- Contributed by
- People in story:
- Irish Priestley
- Location of story:
- Townsville and Brisbane, Australia
- Background to story:
- Civilian Force
- Article ID:
- Contributed on:
- 30 October 2005
[This story was submitted to the People's War site on behalf of Irish Priestley by a volunteer from BBC Radio Cambridgeshire who fully understands the site's terms and conditions.]
Accounting can be Eventful
When War was declared, I joined the WNELs, the Women's National Emergency Legion [in Australia.] I was sent to Townsville and I worked in the Accounting Department, was a cashier and also cut the checks for all personnel in our area and in the Islands. I worked in American dollars, Dutch guilders and Australian money. It amused me how the Americans couldn’t figure out our currency.
One day I was sent downtown to the bank with an amount of money and was assigned two MPs to guard it. It seemed peculiar to me as I had never heard of a robbery. As we were on the second floor, I was counting money when some joker turned on the big fan. I was outside picking up the bills.
My Part of the War
My brother Lyall joined the Australian Army when he was 17 and was going to New Guinea, and I was working in Townsville. One day, an Australian soldier came in and brought me a letter and said, “This is from your brother Lyall” and I said, “Where is he?” He said, “He is out in the Bay, in a convoy.” I went up and talked to the American major I worked for, and I told him about it and he said, “Wouldn’t it be nice to go out and see him”? And, of course, dumb me, I said, “Oh, yes”! So, he said, “Well, you know the guy in the Navy—why don’t you call him up and see if he would take you out”? So, I called up the Navy, so the next morning, they came along and had one of these landing barges. The major came with me, so I went with the major along with the Navy guy, In the meantime, the soldier had already come back, and the major had asked him to find out which ship Lyall was on, so we found out which ship Lyall was on, and the major said to tell Lyall that we might see him there. The soldier said, “Gee, don’t get me in trouble—the only reason they let me off was because I had such a bad toothache and they let me off to come in and go to the dentist.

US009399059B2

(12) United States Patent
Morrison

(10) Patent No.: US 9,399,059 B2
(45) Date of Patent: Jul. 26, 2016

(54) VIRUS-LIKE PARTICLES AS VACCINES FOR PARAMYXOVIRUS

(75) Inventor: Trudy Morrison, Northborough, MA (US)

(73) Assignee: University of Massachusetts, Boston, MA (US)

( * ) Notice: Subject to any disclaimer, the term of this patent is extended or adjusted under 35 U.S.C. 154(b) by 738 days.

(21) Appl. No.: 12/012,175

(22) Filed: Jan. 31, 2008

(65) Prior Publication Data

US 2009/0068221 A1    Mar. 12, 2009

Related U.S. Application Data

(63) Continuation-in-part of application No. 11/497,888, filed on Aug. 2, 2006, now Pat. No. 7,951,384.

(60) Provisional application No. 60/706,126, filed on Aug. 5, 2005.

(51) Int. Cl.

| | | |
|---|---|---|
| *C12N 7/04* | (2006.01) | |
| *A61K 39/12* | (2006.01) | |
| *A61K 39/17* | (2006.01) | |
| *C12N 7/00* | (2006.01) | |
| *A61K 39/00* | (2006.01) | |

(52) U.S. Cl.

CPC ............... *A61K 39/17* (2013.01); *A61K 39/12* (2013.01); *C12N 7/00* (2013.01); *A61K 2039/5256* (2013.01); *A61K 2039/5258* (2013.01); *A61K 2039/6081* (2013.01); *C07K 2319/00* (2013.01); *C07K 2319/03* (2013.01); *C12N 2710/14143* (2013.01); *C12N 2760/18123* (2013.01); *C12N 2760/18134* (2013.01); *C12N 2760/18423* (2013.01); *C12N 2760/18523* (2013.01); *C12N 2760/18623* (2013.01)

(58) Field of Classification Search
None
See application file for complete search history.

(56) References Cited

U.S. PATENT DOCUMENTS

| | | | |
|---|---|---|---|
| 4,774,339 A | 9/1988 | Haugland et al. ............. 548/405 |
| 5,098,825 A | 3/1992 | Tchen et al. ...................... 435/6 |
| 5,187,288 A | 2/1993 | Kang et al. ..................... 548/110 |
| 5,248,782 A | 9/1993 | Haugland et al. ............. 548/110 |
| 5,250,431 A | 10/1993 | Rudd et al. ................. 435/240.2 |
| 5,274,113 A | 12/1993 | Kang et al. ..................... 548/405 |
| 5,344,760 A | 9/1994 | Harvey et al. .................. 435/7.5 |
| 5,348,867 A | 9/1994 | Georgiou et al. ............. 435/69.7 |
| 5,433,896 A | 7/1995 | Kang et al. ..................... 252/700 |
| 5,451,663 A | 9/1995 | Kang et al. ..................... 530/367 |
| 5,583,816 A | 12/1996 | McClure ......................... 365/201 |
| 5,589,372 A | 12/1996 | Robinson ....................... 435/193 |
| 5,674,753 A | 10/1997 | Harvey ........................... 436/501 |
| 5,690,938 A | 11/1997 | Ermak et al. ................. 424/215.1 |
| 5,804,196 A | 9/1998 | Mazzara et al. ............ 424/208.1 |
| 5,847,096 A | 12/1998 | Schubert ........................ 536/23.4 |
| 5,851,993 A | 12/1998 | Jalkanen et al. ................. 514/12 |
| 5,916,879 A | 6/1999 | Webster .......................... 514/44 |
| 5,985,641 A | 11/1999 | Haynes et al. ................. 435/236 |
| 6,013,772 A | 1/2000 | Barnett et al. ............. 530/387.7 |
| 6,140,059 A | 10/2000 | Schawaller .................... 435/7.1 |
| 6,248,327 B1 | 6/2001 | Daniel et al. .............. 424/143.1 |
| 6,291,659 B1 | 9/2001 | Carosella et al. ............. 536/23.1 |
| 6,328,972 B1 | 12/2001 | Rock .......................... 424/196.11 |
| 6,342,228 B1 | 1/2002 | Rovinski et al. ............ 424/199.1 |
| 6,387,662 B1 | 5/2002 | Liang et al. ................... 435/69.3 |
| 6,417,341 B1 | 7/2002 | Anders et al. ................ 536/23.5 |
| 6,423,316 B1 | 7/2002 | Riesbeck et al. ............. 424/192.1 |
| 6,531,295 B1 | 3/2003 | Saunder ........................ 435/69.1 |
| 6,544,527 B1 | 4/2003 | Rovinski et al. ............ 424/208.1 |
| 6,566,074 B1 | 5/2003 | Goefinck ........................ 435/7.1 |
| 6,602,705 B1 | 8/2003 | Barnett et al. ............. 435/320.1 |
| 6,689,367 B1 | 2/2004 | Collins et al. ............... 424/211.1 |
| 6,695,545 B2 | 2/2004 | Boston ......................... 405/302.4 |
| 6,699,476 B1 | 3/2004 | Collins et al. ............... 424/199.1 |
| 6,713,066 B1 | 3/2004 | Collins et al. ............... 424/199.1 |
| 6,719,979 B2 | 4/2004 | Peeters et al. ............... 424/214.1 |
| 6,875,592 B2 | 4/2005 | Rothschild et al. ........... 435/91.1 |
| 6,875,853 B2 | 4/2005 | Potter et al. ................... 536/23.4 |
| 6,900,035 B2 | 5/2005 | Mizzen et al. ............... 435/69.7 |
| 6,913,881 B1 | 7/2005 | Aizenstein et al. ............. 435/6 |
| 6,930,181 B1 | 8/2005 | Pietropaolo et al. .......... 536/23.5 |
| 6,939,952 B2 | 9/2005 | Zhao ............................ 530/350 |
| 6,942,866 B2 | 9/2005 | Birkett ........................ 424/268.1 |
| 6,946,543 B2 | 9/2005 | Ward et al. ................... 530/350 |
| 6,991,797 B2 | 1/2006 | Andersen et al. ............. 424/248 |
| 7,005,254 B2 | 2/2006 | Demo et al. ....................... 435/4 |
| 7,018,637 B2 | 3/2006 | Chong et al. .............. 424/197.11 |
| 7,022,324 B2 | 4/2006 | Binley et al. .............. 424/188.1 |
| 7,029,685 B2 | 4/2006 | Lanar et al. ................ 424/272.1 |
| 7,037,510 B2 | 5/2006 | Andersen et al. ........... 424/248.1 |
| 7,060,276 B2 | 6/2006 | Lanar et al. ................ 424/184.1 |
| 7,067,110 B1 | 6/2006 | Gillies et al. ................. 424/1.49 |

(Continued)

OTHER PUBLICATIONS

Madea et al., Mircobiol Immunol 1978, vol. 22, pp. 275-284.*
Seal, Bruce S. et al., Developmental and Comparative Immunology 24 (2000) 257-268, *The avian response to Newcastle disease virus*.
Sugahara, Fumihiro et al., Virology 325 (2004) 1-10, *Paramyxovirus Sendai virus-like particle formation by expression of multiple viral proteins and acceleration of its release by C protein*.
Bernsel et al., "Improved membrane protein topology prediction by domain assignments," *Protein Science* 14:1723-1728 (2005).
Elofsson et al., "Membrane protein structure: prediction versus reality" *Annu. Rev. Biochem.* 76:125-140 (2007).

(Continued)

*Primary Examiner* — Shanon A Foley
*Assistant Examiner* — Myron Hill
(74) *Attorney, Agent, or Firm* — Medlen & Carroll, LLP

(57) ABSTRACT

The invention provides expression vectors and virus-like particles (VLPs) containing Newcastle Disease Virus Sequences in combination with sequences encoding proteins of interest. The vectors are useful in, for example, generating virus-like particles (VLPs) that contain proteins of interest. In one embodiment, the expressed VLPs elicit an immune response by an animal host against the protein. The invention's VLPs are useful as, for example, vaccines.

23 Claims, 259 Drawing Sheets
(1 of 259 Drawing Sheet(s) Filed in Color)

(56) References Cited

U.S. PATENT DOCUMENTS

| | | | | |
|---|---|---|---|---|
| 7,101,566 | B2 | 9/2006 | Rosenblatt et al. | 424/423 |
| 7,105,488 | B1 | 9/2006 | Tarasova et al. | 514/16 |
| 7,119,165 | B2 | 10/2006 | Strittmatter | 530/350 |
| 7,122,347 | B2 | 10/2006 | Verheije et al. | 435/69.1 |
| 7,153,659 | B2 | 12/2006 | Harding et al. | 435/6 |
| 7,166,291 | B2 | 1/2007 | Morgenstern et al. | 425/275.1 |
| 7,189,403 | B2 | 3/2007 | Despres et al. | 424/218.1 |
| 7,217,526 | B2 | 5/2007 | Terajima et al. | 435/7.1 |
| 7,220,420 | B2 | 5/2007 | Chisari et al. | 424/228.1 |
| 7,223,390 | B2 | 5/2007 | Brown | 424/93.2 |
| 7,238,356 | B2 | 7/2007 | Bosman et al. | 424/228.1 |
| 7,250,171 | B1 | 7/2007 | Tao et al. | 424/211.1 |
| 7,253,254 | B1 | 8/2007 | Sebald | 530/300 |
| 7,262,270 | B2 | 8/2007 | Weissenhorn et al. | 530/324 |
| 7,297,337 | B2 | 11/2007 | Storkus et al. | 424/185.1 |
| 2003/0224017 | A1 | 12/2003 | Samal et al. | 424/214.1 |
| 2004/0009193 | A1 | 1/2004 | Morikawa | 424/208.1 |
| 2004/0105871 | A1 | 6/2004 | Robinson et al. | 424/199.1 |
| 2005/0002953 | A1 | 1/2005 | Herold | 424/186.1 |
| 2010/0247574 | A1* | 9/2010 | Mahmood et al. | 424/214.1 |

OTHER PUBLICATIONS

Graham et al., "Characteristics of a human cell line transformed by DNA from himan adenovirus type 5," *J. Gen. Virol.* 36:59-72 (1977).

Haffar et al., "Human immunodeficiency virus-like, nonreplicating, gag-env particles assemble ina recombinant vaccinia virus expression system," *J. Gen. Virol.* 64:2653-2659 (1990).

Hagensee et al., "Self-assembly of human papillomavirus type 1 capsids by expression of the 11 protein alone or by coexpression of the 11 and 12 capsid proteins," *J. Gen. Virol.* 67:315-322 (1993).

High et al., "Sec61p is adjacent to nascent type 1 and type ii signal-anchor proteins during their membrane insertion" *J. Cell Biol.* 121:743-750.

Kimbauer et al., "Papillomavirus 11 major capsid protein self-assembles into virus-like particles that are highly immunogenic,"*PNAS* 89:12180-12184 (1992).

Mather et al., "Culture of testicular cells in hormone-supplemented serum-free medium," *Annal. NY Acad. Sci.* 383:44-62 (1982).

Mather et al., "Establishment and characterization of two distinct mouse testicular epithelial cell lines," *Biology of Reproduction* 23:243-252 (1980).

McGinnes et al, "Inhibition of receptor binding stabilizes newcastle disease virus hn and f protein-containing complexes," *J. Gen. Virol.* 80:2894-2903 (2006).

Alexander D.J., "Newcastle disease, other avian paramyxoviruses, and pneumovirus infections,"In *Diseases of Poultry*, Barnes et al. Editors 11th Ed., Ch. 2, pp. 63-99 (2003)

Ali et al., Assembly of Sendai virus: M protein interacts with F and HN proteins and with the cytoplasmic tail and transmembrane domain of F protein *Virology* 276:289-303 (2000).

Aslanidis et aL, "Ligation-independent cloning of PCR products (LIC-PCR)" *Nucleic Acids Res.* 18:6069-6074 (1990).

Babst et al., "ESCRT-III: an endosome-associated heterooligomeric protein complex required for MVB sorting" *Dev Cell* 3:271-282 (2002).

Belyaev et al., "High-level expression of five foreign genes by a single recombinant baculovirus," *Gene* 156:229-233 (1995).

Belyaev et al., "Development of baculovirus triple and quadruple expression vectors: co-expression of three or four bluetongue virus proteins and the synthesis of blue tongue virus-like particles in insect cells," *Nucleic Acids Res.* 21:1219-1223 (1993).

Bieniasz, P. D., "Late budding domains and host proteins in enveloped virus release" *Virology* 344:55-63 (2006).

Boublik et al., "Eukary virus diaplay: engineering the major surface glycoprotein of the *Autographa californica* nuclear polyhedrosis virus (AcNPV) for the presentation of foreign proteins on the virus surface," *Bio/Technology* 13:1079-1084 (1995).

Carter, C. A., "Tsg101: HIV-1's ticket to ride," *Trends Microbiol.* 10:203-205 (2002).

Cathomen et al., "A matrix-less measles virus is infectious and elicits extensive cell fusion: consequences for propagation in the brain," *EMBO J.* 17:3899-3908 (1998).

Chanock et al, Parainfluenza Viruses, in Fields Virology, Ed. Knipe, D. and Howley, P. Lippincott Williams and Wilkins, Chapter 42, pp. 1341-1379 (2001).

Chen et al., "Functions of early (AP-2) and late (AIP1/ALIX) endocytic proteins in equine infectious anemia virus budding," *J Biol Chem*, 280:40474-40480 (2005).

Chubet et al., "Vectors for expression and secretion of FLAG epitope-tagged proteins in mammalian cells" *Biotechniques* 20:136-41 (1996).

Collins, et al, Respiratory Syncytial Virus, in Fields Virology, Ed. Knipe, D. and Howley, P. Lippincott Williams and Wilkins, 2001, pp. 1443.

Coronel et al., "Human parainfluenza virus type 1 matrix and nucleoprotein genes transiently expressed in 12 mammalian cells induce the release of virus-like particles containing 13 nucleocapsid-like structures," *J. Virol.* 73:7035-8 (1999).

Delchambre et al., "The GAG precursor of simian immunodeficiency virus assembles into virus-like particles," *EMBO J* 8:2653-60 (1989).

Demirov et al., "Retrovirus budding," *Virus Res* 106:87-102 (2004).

So anyway, the next morning we went out there, and we were not supposed to know that the convoy was out there. They were really upset that we knew about it. While we were there, some of them went to town to try to find out what happened. The next morning, when I came to work, these four or five officers from Intelligence come trooping in there, and they were talking to the major, who then came up to me and said, “Hey, think of a story fast and stick to it. You’re the one they want to talk to. So, they took me down in the vault in the bank—we were in was an old bank building--and they wanted to know how I knew that convoy was out there. I knew that if I told them, that young soldier would get into trouble, so I didn’t know what to do, but I kept saying, “Oh, we were just driving around out there and we saw it”. Of course, they knew I was not telling the truth. I am as bad as some President, I guess. But I knew if I told them that this young soldier would get in trouble. So, they really grilled me for a long time and they scared the daylights out of me. They said, “The War is going to be over, and you’re going to be in jail, long after that for not telling them”. Anyway, after that, I was stubborn and wasn’t going to say anything, so they let me go. I’ll tell you, that really scared the daylights out of me for a while; I was pretty careful after that what I did. I was only in my early twenties and that major should have known better than to tell me to go out there, and he came with me, and the Navy officer. But, that was my part of the War I guess, the scary part, anyway.